Fractured Fairy Tales

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With Valentine’s Day approaching, our group of reading specialists, coaches, and teacher bloggers decided it was the perfect time to share our love of literacy with you.  Each of us is passionate about helping children develop a love of reading, and what better way to love reading than through our favorite books.  Each blogger participating in this weekend’s hop is sharing materials for his/her favorite book.  We hope you’ll enjoy using them and sharing your love of literacy with your students.

To be completely honest I never enjoyed reading as a child.  I was a second language learner and reading always made me feel dumb.  I can remember being pulled into a separate room to work with the ESOL teacher.   I always returned to class feeling like I missed something and did not understand why I never go to read with the teacher like the other students.  It was not until I was in college and started to read things I found interesting that my love for reading began.  I love to learn new things and nonfiction books became a way to learn what I was interested in.

As an early childhood educator and school leader, I understand the importance of getting students to love literacy from a young age.  Story time in my class was one of my students’ favorite time of the day.  I choose books that would engage my students and read them in such a way that made them interesting and exciting.  Today, I welcome every opportunity to read to students, it is often the highlight of my day.

One of my favorite genres is fairy tales, especially fractured fairy tales.  What is a fracture fairy tale you may ask?  A fractured fairy tale is a story that uses familiar fairy tales you know and then changes the characters,  setting, points of view, or the plot of the story.

At the top of my fractured fairy tale list is The True Story of the 3 Little Pigs by Jon Scieszka.  Unlike the traditional story of The Three Little Pigs, this version is written from the wolf’s point of view.  The author uses a sarcastic tone which makes the main character Alexander T. Wolf quite a character.  Author Jon Scieszka also puts his own twits on the story making the pigs out to be the “bad guys” and the wolf a victim of circumstance.

Fractured fairy tales provide a fun way to teach students important story elements and point of view using traditional stories they already love.  Kids really enjoy fractured story tales because they are often very humorous and highly entertaining.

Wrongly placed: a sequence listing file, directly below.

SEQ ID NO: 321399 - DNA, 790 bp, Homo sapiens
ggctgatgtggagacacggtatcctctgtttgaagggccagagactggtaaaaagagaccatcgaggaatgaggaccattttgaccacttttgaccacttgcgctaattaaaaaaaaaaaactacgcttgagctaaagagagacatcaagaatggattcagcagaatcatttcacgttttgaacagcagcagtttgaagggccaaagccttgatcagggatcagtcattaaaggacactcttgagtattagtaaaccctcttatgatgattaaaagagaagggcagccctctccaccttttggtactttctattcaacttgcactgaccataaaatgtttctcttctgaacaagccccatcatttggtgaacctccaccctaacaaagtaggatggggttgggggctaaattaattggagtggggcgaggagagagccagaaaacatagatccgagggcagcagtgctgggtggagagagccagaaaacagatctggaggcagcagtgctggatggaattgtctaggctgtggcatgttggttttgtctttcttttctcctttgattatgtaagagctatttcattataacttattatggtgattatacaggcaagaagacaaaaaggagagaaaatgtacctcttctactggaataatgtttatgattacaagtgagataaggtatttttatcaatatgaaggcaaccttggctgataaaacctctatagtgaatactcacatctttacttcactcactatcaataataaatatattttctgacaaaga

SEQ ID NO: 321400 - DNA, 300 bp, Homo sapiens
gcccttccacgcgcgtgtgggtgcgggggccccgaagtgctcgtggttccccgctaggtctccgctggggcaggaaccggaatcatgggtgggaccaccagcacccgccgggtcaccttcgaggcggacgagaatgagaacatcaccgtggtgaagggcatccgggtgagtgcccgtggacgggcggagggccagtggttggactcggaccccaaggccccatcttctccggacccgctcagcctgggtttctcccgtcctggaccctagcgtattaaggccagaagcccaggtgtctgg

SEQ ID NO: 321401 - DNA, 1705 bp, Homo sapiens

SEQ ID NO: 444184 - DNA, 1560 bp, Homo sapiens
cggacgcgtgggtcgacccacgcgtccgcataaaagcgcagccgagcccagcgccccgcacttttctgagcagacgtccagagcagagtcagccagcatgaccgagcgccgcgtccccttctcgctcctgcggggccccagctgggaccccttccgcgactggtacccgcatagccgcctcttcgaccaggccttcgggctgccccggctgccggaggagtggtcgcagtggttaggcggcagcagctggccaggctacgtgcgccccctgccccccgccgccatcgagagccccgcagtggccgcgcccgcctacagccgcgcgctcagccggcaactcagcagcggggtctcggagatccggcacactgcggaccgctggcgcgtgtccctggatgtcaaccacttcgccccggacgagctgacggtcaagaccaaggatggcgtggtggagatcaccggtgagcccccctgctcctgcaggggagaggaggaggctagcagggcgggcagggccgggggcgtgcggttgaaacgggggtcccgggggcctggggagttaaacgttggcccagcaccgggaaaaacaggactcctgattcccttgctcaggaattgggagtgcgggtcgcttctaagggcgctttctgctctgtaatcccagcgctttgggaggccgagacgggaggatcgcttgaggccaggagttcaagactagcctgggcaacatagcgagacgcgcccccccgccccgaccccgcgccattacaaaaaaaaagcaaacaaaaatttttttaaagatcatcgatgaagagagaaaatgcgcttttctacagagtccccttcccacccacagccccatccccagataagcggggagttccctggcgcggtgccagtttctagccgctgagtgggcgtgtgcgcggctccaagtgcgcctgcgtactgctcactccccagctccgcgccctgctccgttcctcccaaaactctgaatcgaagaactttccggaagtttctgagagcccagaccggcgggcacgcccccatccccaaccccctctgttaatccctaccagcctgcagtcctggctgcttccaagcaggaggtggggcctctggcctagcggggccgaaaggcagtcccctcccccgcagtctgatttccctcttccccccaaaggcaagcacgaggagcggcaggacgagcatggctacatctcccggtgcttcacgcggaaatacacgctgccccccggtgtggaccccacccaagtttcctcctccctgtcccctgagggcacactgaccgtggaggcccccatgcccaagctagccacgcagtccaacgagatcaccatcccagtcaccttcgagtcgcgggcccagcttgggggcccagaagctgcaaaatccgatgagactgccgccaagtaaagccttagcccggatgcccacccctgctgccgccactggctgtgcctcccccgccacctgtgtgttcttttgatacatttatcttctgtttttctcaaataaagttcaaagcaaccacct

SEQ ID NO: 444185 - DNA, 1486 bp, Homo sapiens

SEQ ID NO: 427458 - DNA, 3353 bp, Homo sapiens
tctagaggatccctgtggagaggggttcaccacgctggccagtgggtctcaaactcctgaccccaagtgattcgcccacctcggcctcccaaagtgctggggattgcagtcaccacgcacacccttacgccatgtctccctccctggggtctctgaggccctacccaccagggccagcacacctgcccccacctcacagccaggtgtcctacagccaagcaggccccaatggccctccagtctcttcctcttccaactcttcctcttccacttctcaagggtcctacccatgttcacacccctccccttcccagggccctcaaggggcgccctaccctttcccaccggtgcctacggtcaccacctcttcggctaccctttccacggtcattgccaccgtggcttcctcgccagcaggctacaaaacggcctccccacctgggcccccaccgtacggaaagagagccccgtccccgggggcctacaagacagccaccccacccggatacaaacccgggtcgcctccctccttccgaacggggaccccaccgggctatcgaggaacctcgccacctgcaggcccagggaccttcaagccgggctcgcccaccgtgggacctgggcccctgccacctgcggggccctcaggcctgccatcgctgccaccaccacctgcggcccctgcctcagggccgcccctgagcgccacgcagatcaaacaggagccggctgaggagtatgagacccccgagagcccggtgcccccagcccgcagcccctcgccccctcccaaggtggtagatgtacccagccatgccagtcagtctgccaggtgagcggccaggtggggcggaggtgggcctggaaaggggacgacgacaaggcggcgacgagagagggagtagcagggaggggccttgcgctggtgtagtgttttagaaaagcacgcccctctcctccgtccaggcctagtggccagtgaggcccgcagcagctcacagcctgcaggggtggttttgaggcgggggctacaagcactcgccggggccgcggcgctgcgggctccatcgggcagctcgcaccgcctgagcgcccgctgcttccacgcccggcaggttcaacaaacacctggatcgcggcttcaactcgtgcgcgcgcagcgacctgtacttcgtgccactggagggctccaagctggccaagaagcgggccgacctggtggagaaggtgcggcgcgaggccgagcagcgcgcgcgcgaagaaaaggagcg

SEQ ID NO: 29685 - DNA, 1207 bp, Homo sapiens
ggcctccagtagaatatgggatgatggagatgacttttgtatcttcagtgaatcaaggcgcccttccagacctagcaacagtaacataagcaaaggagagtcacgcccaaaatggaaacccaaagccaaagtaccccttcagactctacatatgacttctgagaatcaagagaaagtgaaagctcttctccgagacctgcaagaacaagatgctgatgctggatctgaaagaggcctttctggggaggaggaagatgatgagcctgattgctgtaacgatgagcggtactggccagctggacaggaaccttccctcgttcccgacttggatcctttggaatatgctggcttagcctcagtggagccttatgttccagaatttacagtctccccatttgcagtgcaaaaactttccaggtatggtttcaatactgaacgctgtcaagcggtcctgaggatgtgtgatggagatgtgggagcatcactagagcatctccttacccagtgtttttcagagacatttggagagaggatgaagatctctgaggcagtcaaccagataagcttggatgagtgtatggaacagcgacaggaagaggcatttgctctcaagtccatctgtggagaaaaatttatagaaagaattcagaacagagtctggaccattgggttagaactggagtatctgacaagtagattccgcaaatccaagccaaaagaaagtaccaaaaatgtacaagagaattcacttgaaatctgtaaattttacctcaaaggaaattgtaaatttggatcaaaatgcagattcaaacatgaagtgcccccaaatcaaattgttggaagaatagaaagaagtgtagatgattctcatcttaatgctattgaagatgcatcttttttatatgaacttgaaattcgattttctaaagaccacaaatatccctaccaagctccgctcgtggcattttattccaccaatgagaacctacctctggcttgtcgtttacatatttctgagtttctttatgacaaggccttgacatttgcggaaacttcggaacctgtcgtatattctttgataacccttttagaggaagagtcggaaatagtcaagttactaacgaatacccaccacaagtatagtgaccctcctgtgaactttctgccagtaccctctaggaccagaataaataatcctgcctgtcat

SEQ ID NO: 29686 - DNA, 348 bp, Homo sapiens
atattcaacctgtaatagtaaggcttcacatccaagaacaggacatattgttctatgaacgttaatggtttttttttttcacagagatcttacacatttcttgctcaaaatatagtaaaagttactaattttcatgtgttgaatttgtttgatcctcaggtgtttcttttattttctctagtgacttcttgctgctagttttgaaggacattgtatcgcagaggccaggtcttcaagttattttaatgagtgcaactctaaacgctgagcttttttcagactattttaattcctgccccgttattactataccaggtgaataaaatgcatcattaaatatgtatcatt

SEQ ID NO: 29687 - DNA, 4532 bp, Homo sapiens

In my unit of The Story of the Three Little Pigs: A Fractured Fairy Tale, I include a number of different activities to help students identify important differences between two versions of the story.Picture1

Graphic organizers help students organize text evidence and the story sequence.


After studying the different elements of a traditional story and a fractured fairy tale, students will be able to write their very own fractured fairy tale adding their own twist to the story putting everything they learned about fractured fairy tales into practice.


 Download your free copy of this unit this weekend only. Click on the image below to download.

Fractured Fairy Tales by Nancy Alvarez January 2014 SF_Page_01

I can’t wait to read your feedback! When you are done be sure to stop by Ripper Reading Resources to learn about one of her favorite books.

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  • Reply
    Sara Brown
    January 31, 2014 at 9:34 am

    I love fractured fairy tales! This one is one of my favorites. In the past I’ve had my students compare/contrast it with the traditional Three Little Pigs and or the Three Little Wolves and the Big Bad Pig. I can’t wait to try out my new unit. Thanks so much!

  • Reply
    Carla Fedeler
    January 31, 2014 at 4:24 pm

    I love this unit, Nancy, and I know my students will too!

  • Reply
    Sherry Matheson
    January 31, 2014 at 9:40 pm

    What a generous freebie! Thank you!

  • Reply
    January 31, 2014 at 11:47 pm

    Thank-you! I find a way to use this book (and the Three Little Wolves) every year!

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